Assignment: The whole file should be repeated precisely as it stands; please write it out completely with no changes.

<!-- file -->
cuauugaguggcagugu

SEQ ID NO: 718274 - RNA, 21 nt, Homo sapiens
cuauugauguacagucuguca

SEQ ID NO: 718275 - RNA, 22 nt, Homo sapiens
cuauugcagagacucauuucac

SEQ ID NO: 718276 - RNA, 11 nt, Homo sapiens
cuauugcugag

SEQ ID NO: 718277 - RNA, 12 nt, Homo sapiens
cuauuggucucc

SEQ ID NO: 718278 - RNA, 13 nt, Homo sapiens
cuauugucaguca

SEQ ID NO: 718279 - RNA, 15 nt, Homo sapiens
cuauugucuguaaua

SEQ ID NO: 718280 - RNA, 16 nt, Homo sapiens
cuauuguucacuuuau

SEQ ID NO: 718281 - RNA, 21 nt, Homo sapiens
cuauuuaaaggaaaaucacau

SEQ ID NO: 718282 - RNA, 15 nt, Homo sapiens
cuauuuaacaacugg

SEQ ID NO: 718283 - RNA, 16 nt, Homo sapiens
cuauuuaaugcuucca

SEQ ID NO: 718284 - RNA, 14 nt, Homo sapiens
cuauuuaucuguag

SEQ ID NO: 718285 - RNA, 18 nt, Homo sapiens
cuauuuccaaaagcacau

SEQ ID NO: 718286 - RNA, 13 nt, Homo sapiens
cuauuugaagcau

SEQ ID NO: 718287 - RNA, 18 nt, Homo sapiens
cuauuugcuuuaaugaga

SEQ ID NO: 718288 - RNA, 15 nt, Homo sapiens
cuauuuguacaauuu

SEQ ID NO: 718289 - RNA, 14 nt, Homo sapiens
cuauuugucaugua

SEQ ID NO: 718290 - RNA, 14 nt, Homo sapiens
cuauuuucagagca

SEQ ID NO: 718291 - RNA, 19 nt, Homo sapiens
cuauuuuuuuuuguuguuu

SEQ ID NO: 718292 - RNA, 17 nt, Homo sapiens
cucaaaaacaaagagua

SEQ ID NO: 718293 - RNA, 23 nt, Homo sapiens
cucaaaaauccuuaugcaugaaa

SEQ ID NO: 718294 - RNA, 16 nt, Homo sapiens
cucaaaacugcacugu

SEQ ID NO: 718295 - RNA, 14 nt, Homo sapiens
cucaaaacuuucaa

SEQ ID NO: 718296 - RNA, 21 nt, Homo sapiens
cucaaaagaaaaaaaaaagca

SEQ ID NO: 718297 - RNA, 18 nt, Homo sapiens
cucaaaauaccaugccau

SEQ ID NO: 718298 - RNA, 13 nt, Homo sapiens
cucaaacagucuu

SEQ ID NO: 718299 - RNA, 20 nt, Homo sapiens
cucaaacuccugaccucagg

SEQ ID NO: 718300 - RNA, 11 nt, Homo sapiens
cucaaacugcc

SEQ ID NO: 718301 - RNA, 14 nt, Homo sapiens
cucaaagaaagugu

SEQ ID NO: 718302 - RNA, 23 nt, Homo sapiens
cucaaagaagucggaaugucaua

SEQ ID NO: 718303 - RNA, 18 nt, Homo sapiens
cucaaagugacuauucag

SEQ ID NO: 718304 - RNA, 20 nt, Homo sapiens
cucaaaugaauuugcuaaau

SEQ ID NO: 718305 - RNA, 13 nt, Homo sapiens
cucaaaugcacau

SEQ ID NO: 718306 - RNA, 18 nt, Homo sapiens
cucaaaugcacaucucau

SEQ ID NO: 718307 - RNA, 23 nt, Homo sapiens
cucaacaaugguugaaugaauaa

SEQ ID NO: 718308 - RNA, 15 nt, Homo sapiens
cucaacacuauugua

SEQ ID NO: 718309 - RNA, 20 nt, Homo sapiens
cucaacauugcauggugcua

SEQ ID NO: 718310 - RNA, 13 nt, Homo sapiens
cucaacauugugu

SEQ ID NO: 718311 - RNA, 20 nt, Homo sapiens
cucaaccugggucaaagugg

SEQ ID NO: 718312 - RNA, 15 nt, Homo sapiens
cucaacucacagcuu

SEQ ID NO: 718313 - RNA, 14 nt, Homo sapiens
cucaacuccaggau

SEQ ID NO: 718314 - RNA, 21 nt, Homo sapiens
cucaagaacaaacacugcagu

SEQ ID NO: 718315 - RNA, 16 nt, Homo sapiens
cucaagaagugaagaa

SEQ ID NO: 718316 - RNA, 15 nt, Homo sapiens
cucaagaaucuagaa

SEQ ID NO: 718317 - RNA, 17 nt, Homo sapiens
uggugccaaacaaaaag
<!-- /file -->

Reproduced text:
cuauugaguggcagugu

SEQ ID NO: 718274 - RNA, 21 nt, Homo sapiens
cuauugauguacagucuguca

SEQ ID NO: 718275 - RNA, 22 nt, Homo sapiens
cuauugcagagacucauuucac

SEQ ID NO: 718276 - RNA, 11 nt, Homo sapiens
cuauugcugag

SEQ ID NO: 718277 - RNA, 12 nt, Homo sapiens
cuauuggucucc

SEQ ID NO: 718278 - RNA, 13 nt, Homo sapiens
cuauugucaguca

SEQ ID NO: 718279 - RNA, 15 nt, Homo sapiens
cuauugucuguaaua

SEQ ID NO: 718280 - RNA, 16 nt, Homo sapiens
cuauuguucacuuuau

SEQ ID NO: 718281 - RNA, 21 nt, Homo sapiens
cuauuuaaaggaaaaucacau

SEQ ID NO: 718282 - RNA, 15 nt, Homo sapiens
cuauuuaacaacugg

SEQ ID NO: 718283 - RNA, 16 nt, Homo sapiens
cuauuuaaugcuucca

SEQ ID NO: 718284 - RNA, 14 nt, Homo sapiens
cuauuuaucuguag

SEQ ID NO: 718285 - RNA, 18 nt, Homo sapiens
cuauuuccaaaagcacau

SEQ ID NO: 718286 - RNA, 13 nt, Homo sapiens
cuauuugaagcau

SEQ ID NO: 718287 - RNA, 18 nt, Homo sapiens
cuauuugcuuuaaugaga

SEQ ID NO: 718288 - RNA, 15 nt, Homo sapiens
cuauuuguacaauuu

SEQ ID NO: 718289 - RNA, 14 nt, Homo sapiens
cuauuugucaugua

SEQ ID NO: 718290 - RNA, 14 nt, Homo sapiens
cuauuuucagagca

SEQ ID NO: 718291 - RNA, 19 nt, Homo sapiens
cuauuuuuuuuuguuguuu

SEQ ID NO: 718292 - RNA, 17 nt, Homo sapiens
cucaaaaacaaagagua

SEQ ID NO: 718293 - RNA, 23 nt, Homo sapiens
cucaaaaauccuuaugcaugaaa

SEQ ID NO: 718294 - RNA, 16 nt, Homo sapiens
cucaaaacugcacugu

SEQ ID NO: 718295 - RNA, 14 nt, Homo sapiens
cucaaaacuuucaa

SEQ ID NO: 718296 - RNA, 21 nt, Homo sapiens
cucaaaagaaaaaaaaaagca

SEQ ID NO: 718297 - RNA, 18 nt, Homo sapiens
cucaaaauaccaugccau

SEQ ID NO: 718298 - RNA, 13 nt, Homo sapiens
cucaaacagucuu

SEQ ID NO: 718299 - RNA, 20 nt, Homo sapiens
cucaaacuccugaccucagg

SEQ ID NO: 718300 - RNA, 11 nt, Homo sapiens
cucaaacugcc

SEQ ID NO: 718301 - RNA, 14 nt, Homo sapiens
cucaaagaaagugu

SEQ ID NO: 718302 - RNA, 23 nt, Homo sapiens
cucaaagaagucggaaugucaua

SEQ ID NO: 718303 - RNA, 18 nt, Homo sapiens
cucaaagugacuauucag

SEQ ID NO: 718304 - RNA, 20 nt, Homo sapiens
cucaaaugaauuugcuaaau

SEQ ID NO: 718305 - RNA, 13 nt, Homo sapiens
cucaaaugcacau

SEQ ID NO: 718306 - RNA, 18 nt, Homo sapiens
cucaaaugcacaucucau

SEQ ID NO: 718307 - RNA, 23 nt, Homo sapiens
cucaacaaugguugaaugaauaa

SEQ ID NO: 718308 - RNA, 15 nt, Homo sapiens
cucaacacuauugua

SEQ ID NO: 718309 - RNA, 20 nt, Homo sapiens
cucaacauugcauggugcua

SEQ ID NO: 718310 - RNA, 13 nt, Homo sapiens
cucaacauugugu

SEQ ID NO: 718311 - RNA, 20 nt, Homo sapiens
cucaaccugggucaaagugg

SEQ ID NO: 718312 - RNA, 15 nt, Homo sapiens
cucaacucacagcuu

SEQ ID NO: 718313 - RNA, 14 nt, Homo sapiens
cucaacuccaggau

SEQ ID NO: 718314 - RNA, 21 nt, Homo sapiens
cucaagaacaaacacugcagu

SEQ ID NO: 718315 - RNA, 16 nt, Homo sapiens
cucaagaagugaagaa

SEQ ID NO: 718316 - RNA, 15 nt, Homo sapiens
cucaagaaucuagaa

SEQ ID NO: 718317 - RNA, 17 nt, Homo sapiens
uggugccaaacaaaaag